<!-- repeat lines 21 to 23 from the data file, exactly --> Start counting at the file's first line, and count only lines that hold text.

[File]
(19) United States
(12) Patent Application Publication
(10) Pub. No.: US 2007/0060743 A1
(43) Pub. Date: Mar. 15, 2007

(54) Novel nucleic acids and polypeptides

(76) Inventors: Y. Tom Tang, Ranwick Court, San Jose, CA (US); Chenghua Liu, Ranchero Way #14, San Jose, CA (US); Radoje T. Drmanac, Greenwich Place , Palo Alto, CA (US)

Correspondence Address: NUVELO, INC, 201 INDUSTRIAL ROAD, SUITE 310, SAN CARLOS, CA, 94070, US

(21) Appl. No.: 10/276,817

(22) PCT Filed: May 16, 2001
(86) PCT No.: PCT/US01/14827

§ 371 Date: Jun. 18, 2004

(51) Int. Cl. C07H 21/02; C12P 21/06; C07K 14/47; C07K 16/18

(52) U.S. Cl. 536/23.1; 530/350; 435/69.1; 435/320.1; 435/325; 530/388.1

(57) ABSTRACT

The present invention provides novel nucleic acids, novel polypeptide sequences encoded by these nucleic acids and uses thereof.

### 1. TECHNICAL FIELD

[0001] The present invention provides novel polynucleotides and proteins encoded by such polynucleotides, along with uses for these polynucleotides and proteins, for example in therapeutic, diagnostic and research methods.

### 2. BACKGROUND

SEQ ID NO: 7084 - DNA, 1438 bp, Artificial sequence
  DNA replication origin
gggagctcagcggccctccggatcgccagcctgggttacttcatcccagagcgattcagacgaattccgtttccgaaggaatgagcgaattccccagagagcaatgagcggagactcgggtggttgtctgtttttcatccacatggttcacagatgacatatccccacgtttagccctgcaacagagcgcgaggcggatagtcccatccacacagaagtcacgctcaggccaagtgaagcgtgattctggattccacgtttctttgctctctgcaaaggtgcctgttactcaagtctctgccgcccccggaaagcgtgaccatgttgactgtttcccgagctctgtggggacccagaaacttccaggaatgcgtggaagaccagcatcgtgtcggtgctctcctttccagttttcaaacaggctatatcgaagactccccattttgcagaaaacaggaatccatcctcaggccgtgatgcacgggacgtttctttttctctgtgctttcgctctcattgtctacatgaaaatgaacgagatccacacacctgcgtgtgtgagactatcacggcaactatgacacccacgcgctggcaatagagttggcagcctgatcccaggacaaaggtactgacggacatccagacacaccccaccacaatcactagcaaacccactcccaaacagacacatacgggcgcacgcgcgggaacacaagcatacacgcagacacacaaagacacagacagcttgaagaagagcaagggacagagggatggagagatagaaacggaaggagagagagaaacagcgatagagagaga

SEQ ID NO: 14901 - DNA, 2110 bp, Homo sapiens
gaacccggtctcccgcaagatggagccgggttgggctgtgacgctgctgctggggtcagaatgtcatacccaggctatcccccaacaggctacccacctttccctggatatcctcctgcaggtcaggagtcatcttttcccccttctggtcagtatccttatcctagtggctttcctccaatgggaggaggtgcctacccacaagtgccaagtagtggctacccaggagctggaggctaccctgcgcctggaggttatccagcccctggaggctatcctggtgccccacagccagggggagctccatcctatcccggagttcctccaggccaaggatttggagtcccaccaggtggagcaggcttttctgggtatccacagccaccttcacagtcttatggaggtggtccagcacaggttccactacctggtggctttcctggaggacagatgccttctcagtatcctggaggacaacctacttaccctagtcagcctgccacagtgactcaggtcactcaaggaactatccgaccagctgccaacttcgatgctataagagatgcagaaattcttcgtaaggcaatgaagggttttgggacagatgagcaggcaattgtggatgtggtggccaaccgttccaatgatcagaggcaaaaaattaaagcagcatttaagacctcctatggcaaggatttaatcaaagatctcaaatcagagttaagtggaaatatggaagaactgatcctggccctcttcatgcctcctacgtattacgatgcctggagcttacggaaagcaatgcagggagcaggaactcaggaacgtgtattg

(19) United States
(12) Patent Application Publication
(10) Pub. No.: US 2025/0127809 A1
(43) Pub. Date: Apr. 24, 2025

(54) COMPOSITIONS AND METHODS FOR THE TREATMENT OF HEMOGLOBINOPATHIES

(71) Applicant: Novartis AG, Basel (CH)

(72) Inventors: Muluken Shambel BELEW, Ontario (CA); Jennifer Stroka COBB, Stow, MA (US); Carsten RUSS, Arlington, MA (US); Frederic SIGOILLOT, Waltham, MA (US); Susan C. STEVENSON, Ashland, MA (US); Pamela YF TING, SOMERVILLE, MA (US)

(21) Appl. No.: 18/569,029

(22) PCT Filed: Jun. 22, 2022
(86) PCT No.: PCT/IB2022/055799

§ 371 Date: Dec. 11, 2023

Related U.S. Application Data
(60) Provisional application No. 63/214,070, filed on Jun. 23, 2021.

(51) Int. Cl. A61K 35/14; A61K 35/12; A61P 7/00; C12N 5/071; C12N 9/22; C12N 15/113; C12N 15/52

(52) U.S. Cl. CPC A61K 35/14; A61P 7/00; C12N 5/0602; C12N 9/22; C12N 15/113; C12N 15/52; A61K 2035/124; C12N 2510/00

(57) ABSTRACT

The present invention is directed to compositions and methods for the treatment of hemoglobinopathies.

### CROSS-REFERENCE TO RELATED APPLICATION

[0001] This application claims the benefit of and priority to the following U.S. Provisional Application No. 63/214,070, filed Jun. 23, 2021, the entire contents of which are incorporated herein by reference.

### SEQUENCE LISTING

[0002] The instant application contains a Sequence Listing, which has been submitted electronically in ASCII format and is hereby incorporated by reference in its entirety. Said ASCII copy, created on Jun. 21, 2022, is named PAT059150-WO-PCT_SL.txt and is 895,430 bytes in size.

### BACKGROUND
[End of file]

gggagctcagcggccctccggatcgccagcctgggttacttcatcccagagcgattcagacgaattccgtttccgaaggaatgagcgaattccccagagagcaatgagcggagactcgggtggttgtctgtttttcatccacatggttcacagatgacatatccccacgtttagccctgcaacagagcgcgaggcggatagtcccatccacacagaagtcacgctcaggccaagtgaagcgtgattctggattccacgtttctttgctctctgcaaaggtgcctgttactcaagtctctgccgcccccggaaagcgtgaccatgttgactgtttcccgagctctgtggggacccagaaacttccaggaatgcgtggaagaccagcatcgtgtcggtgctctcctttccagttttcaaacaggctatatcgaagactccccattttgcagaaaacaggaatccatcctcaggccgtgatgcacgggacgtttctttttctctgtgctttcgctctcattgtctacatgaaaatgaacgagatccacacacctgcgtgtgtgagactatcacggcaactatgacacccacgcgctggcaatagagttggcagcctgatcccaggacaaaggtactgacggacatccagacacaccccaccacaatcactagcaaacccactcccaaacagacacatacgggcgcacgcgcgggaacacaagcatacacgcagacacacaaagacacagacagcttgaagaagagcaagggacagagggatggagagatagaaacggaaggagagagagaaacagcgatagagagaga

SEQ ID NO: 14901 - DNA, 2110 bp, Homo sapiens
gaacccggtctcccgcaagatggagccgggttgggctgtgacgctgctgctggggtcagaatgtcatacccaggctatcccccaacaggctacccacctttccctggatatcctcctgcaggtcaggagtcatcttttcccccttctggtcagtatccttatcctagtggctttcctccaatgggaggaggtgcctacccacaagtgccaagtagtggctacccaggagctggaggctaccctgcgcctggaggttatccagcccctggaggctatcctggtgccccacagccagggggagctccatcctatcccggagttcctccaggccaaggatttggagtcccaccaggtggagcaggcttttctgggtatccacagccaccttcacagtcttatggaggtggtccagcacaggttccactacctggtggctttcctggaggacagatgccttctcagtatcctggaggacaacctacttaccctagtcagcctgccacagtgactcaggtcactcaaggaactatccgaccagctgccaacttcgatgctataagagatgcagaaattcttcgtaaggcaatgaagggttttgggacagatgagcaggcaattgtggatgtggtggccaaccgttccaatgatcagaggcaaaaaattaaagcagcatttaagacctcctatggcaaggatttaatcaaagatctcaaatcagagttaagtggaaatatggaagaactgatcctggccctcttcatgcctcctacgtattacgatgcctggagcttacggaaagcaatgcagggagcaggaactcaggaacgtgtattg